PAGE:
The systematic destructive impact of the UMP on the supply side has been denied so far by the central banks despite growing empirical research. Additionally, in continuing this policy the central bank used two doubtful arguments: 1) the decline of the natural interest rate justifies the radical lowering of the official interest rates 2) inflation has declined since the global financial crisis over time and below the official targets and thus the UMP should be continued.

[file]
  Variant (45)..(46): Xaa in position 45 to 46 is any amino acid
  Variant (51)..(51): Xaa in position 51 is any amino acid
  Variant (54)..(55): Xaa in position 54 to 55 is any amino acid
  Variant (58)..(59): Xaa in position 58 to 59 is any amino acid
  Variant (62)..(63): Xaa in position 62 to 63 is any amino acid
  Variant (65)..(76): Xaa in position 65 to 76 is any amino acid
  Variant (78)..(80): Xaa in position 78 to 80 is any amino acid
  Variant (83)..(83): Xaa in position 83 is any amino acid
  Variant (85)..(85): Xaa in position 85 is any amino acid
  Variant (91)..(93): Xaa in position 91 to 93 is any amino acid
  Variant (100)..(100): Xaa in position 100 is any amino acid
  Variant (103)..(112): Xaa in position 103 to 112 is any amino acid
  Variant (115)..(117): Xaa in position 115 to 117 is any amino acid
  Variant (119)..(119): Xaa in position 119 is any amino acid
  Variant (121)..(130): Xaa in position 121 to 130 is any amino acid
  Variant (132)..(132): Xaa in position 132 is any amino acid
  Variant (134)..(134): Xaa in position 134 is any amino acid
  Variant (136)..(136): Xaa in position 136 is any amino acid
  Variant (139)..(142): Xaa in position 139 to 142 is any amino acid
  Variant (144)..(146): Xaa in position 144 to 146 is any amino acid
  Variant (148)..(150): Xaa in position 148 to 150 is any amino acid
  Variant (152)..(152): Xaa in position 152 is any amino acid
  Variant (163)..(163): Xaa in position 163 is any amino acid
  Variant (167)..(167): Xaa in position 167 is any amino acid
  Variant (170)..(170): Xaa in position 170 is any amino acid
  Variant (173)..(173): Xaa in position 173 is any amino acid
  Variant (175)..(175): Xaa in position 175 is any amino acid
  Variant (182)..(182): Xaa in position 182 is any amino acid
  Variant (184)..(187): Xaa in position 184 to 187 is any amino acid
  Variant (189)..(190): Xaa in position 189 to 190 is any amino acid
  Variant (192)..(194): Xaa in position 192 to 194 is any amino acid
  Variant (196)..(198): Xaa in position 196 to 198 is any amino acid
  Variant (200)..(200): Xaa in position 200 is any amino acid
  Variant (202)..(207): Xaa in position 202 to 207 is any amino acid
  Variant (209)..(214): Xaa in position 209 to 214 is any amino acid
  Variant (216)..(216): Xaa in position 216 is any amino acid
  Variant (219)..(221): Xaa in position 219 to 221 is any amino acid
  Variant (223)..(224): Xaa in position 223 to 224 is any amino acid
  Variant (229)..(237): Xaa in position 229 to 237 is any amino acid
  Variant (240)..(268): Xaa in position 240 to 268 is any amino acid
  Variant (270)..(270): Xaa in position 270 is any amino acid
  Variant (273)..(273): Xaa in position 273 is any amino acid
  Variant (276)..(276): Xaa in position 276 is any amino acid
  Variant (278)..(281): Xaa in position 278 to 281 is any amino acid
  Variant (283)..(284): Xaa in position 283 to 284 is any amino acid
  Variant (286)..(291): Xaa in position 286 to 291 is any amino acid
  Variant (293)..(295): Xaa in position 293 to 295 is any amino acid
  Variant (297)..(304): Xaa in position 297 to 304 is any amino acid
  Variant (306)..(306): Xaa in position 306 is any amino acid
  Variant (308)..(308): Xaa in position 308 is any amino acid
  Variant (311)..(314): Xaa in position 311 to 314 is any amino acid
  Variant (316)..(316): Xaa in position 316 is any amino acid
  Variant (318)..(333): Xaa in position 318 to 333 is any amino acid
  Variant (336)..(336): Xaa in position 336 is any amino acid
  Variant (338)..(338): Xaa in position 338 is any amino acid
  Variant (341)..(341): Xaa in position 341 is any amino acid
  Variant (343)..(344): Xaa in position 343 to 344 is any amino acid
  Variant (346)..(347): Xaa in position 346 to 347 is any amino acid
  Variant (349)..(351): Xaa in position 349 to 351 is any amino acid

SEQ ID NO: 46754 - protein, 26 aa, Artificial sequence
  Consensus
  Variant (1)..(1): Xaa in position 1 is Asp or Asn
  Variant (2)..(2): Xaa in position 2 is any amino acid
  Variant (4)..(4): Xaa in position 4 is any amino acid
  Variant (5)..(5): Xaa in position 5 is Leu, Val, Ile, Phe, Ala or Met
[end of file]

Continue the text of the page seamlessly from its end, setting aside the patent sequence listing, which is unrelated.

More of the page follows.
Both arguments are dubious if not outright wrong. Regarding the natural rate, it should be remembered that it is a theoretical construct that has various empirical estimations. The wrong estimations can lead to costly policy mistakes as was the case with the so-called output gap (another theoretical construct that had wrong empirical assessment). Besides that, the natural rate has been probably lowered by the negative impact of the UMP on the supply side. Regarding inflation, one should remember that the central banks target the consumer price inflation (CPI) and largely neglect the inflation of the financial assets, which is a result of their own policies, especially QE. The inflation of financial assets contributes to the growing income inequalities and increases the risk of the next financial crisis.